March 8, 2022 | Petra Tant
For most individuals, storing files and keeping them organized on their own systems can be challenging enough. When it comes to managing a Digital Asset Management system (DAM) with multiple users, oftentimes in multiple locations, that challenge can seem even more daunting. Even if your taxonomy structure is comprehensive and well planned, your DAM can still have issues or worse yet, go unused if your metadata guidelines don’t work for your users.
Metadata can be used for just about any asset—images, videos, brand documents, standard legal language, HR documents, etc. It doesn’t need to be complex or even all-encompassing. It simply needs to be made up of the information that makes sense for your teams and those who access your DAM.
Whether it’s keywords associated with a piece of content, a description of an asset, something specific to the part of the business that owns the asset, or some combination of information, your metadata is meant to help DAM users find the assets they need quickly. Think about how you search using keywords on a retail website. They are almost always part of a metadata structure that helps you narrow results fast.
AI is a gamechanger
There’s so much promise when it comes to AI, and with modern DAM solutions it’s already here. In the past, tasks like tagging assets with metadata for your DAM were done manually. Today some DAM solutions incorporate AI that auto-tag assets thanks to image recognition, speech-to-text transcription, and optical character recognition. This eliminates the need to input every data point when tagging, which saves serious time. It also makes assets easier to find and use. AI has become so intuitive it can even bring up results that aren’t fully tagged.
Advice from an expert
We asked one of our in-house experts, Petra Tant (VP of DAM Product Strategy) for some helpful tips on metadata and what she provided was extremely useful.
“Metadata in DAM is critical because it unlocks content to business users (searchability), but it also plays a huge role in automation (processes, rules). So one would expect that more metadata is better, however we recommend being cautious with your metadata.”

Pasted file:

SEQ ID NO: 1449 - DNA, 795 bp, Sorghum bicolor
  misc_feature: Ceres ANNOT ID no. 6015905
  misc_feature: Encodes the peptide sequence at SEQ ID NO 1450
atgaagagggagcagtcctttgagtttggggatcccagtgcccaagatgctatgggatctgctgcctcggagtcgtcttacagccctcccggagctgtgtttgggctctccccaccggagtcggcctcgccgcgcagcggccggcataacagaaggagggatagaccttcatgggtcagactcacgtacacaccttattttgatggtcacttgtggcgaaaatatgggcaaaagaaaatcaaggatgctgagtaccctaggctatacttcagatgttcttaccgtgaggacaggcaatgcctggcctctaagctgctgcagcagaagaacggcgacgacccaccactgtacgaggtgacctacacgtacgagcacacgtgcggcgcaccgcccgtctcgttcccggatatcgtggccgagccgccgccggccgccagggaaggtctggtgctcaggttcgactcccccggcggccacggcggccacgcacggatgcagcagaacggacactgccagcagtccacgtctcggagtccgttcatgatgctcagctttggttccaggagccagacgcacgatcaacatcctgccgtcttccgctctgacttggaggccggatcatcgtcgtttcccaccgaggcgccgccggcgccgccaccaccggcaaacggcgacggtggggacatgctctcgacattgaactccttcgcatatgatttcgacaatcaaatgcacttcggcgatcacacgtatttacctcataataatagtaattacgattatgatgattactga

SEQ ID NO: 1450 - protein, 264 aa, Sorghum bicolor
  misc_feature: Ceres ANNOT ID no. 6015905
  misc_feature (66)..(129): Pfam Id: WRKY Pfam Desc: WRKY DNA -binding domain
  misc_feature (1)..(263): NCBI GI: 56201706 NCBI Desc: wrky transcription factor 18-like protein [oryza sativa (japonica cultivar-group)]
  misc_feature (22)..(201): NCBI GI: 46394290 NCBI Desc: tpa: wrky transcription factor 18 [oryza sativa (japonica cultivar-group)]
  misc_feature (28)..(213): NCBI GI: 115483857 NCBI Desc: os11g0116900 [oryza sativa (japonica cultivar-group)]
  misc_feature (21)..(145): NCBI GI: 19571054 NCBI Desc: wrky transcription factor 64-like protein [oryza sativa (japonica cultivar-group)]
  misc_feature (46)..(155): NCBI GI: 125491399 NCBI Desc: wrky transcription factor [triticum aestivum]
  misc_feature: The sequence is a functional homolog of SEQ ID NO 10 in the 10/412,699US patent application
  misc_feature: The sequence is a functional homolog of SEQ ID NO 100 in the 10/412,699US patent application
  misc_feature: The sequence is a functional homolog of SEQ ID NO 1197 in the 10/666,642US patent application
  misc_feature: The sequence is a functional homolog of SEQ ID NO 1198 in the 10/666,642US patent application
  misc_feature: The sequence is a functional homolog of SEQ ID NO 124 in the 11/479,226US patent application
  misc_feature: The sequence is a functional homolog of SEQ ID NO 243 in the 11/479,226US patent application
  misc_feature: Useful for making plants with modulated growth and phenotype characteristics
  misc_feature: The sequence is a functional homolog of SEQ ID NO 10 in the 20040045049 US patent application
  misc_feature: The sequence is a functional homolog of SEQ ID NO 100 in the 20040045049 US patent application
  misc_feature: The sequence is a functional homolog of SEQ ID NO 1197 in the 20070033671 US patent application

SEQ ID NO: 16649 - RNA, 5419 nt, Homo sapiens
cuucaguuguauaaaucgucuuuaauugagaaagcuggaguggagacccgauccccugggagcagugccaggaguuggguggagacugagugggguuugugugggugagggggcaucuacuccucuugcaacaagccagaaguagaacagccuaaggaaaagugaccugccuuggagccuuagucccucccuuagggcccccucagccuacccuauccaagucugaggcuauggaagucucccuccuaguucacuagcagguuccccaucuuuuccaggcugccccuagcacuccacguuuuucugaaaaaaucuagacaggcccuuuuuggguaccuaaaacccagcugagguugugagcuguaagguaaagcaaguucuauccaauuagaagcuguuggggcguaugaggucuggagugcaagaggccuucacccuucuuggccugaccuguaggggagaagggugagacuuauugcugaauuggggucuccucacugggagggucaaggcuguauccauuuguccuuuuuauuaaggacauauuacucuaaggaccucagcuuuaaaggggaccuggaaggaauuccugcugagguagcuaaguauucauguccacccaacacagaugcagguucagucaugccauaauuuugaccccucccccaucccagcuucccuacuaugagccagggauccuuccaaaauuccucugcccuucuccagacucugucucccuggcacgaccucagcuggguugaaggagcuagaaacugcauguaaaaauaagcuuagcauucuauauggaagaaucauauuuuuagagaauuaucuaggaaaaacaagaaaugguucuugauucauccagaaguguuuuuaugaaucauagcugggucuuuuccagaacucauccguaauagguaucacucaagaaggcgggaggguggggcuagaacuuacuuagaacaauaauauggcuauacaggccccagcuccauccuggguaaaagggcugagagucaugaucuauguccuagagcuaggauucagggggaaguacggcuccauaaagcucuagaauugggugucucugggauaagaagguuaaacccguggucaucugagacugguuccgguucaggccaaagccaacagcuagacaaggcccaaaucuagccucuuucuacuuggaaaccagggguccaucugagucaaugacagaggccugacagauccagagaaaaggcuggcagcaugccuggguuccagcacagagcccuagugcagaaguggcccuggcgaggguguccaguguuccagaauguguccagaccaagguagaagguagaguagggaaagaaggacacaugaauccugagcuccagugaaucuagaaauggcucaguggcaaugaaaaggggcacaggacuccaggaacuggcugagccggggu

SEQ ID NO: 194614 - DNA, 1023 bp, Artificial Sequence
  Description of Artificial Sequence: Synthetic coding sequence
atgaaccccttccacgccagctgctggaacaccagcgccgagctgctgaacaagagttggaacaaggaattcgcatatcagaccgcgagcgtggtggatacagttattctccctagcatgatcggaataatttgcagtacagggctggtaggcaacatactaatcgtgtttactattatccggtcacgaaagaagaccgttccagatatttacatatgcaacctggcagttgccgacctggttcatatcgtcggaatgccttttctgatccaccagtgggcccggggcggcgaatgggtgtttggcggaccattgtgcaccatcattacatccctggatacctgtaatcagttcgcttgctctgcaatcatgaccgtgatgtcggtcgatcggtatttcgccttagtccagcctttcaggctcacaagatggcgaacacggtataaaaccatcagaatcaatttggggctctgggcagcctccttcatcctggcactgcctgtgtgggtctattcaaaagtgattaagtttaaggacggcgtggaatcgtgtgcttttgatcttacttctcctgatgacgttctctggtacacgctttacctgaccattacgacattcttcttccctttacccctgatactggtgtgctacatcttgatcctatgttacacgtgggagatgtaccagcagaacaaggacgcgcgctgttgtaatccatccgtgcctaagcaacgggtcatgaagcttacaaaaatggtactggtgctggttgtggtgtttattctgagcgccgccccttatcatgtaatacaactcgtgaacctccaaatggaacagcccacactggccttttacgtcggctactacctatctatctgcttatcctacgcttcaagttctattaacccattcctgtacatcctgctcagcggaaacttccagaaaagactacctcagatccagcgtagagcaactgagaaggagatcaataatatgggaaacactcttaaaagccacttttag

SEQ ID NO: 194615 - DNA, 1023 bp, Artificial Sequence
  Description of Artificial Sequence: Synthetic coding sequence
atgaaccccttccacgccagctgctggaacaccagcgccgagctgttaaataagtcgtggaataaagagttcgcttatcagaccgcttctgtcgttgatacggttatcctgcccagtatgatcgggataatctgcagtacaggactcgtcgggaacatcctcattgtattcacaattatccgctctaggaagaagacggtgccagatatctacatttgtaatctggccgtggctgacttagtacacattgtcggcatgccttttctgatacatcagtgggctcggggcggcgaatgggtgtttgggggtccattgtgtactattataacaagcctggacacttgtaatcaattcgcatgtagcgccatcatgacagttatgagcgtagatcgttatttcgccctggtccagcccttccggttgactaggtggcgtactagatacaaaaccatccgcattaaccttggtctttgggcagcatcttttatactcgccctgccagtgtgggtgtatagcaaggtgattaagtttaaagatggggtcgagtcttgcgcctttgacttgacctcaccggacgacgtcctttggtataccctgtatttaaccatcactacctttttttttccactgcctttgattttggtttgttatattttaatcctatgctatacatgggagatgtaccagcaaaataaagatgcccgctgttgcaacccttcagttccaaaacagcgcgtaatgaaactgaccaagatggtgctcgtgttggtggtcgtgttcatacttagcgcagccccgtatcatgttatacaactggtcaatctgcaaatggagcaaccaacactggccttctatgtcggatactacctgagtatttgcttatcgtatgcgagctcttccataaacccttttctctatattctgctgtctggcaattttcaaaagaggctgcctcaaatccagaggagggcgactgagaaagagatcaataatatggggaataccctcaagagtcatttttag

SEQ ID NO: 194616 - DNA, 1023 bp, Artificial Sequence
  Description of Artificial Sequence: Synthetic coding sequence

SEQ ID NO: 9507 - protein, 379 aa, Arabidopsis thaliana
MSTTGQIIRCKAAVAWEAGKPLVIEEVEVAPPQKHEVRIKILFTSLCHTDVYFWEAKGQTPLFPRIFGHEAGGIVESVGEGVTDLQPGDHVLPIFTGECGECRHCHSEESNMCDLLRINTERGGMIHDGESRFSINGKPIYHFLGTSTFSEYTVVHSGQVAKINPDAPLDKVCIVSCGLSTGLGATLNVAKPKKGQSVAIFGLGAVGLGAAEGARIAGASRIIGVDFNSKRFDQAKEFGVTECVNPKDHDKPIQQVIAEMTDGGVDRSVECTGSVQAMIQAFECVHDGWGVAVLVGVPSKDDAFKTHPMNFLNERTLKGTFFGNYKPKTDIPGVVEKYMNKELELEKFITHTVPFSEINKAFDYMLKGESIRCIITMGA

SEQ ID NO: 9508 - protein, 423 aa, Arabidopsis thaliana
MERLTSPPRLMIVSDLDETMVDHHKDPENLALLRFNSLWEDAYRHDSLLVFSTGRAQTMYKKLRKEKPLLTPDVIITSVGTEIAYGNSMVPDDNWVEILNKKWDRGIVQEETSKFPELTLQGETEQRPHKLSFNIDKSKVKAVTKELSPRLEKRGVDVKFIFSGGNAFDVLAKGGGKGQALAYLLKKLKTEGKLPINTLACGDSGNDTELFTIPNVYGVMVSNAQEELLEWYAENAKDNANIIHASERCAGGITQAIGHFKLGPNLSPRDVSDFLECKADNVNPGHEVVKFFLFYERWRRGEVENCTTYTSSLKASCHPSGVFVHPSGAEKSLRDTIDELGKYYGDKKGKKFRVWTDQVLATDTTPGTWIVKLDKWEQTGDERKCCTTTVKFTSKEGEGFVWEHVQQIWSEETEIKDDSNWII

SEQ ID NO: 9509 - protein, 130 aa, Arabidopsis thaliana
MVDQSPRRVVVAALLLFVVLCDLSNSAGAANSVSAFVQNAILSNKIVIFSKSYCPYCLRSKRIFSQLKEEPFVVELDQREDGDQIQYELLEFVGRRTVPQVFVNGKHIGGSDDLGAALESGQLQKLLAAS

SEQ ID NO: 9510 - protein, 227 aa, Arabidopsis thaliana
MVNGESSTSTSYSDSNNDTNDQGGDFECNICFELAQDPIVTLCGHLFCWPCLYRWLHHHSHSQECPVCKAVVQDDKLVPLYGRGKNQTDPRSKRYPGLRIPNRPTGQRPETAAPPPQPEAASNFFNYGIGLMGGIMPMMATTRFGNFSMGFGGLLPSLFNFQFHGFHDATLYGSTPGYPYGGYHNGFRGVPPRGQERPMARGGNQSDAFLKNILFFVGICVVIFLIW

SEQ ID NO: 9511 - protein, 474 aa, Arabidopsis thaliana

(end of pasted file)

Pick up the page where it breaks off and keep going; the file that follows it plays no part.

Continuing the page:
Tip 1: Be critical
Try to understand what the business value is for adding extra metadata. Once metadata is in, it is hard to remove as it’s closely related with the searchability, processes, and rule-based automation. Be critical before you add more metadata fields and taxonomies since everything you add you will have to govern over time.
Ask the business why they need it—five times. Check if you can’t cover the use case with what you already have. If the business case is close to the one of another business group, work with the business to align on a common denominator. Treat adding metadata as a YAGNI (You Aren’t Gonna Need It!) until business value can be proven.
Tip 2: Be lazy
There is a lot of metadata which can be gathered from the asset itself or which can be assembled over the course of the lifecycle of an asset. Users may make a mistake or may be less consistent, so you should exploit all these options before asking users to add metadata.
Explore the following routes for automating your metadata:
Tip 3: Make it consistent
Build consistency into your metadata attribution by making sure metadata is not dependent on user input. If you do need user input, make sure the user can only add consistent metadata by using a choice list, controlled vocabularies, preconfigured keyword structures, predefined translations, etc.
Tip 4: Speak the words of your users
You need to balance your corporate vocabulary with the words people use to describe something. Building metadata with this in mind, and even extending the system with synonym libraries, can expand searchability for your users.
Tip 5: Evaluate suppressing instead of deleting
Once you have metadata, it’s hard to remove due to older assets and content that use it, and there will be historic dependencies with other systems, processes, and rule-based automation. So, if you want to get rid of metadata, look at suppressing it, which is easier than trying to get rid of it. For instance, you can change visibility on fields for certain users, archive older content, filter option lists to not show older values, etc.
If you do want to clean up your system by getting rid of metadata, then it may be wise to look at this as a content migration. What metadata do you have today under the old standards and how would you want to apply new standards? But look deeper than just the metadata layer, because you’ll find historic dependencies everywhere.
Tip 6: Document meticulously
Once you’ve figured out how you want to structure your metadata, meticulously document everything along with dependencies to other systems, rules, and processes. The day will come when you want to make a change, and if it’s not well documented, you’ll have a hard time assessing risks related to deleting a metadata field or taxonomy.
Now that you’ve got some great tips on determining your metadata structure, it’s important to take the right steps to make the most of your DAM.
We’re here to help
DAM vendors with a strong reputation are providing solutions with more robust functionality every year. Whatever DAM solution you choose, make sure it grows and scales with your needs. This way, you can continually improve your content management and the experience you deliver in your market. To see how Aprimo can help you make the most of your time and assets, contact us or check out a quick demo of our solution.
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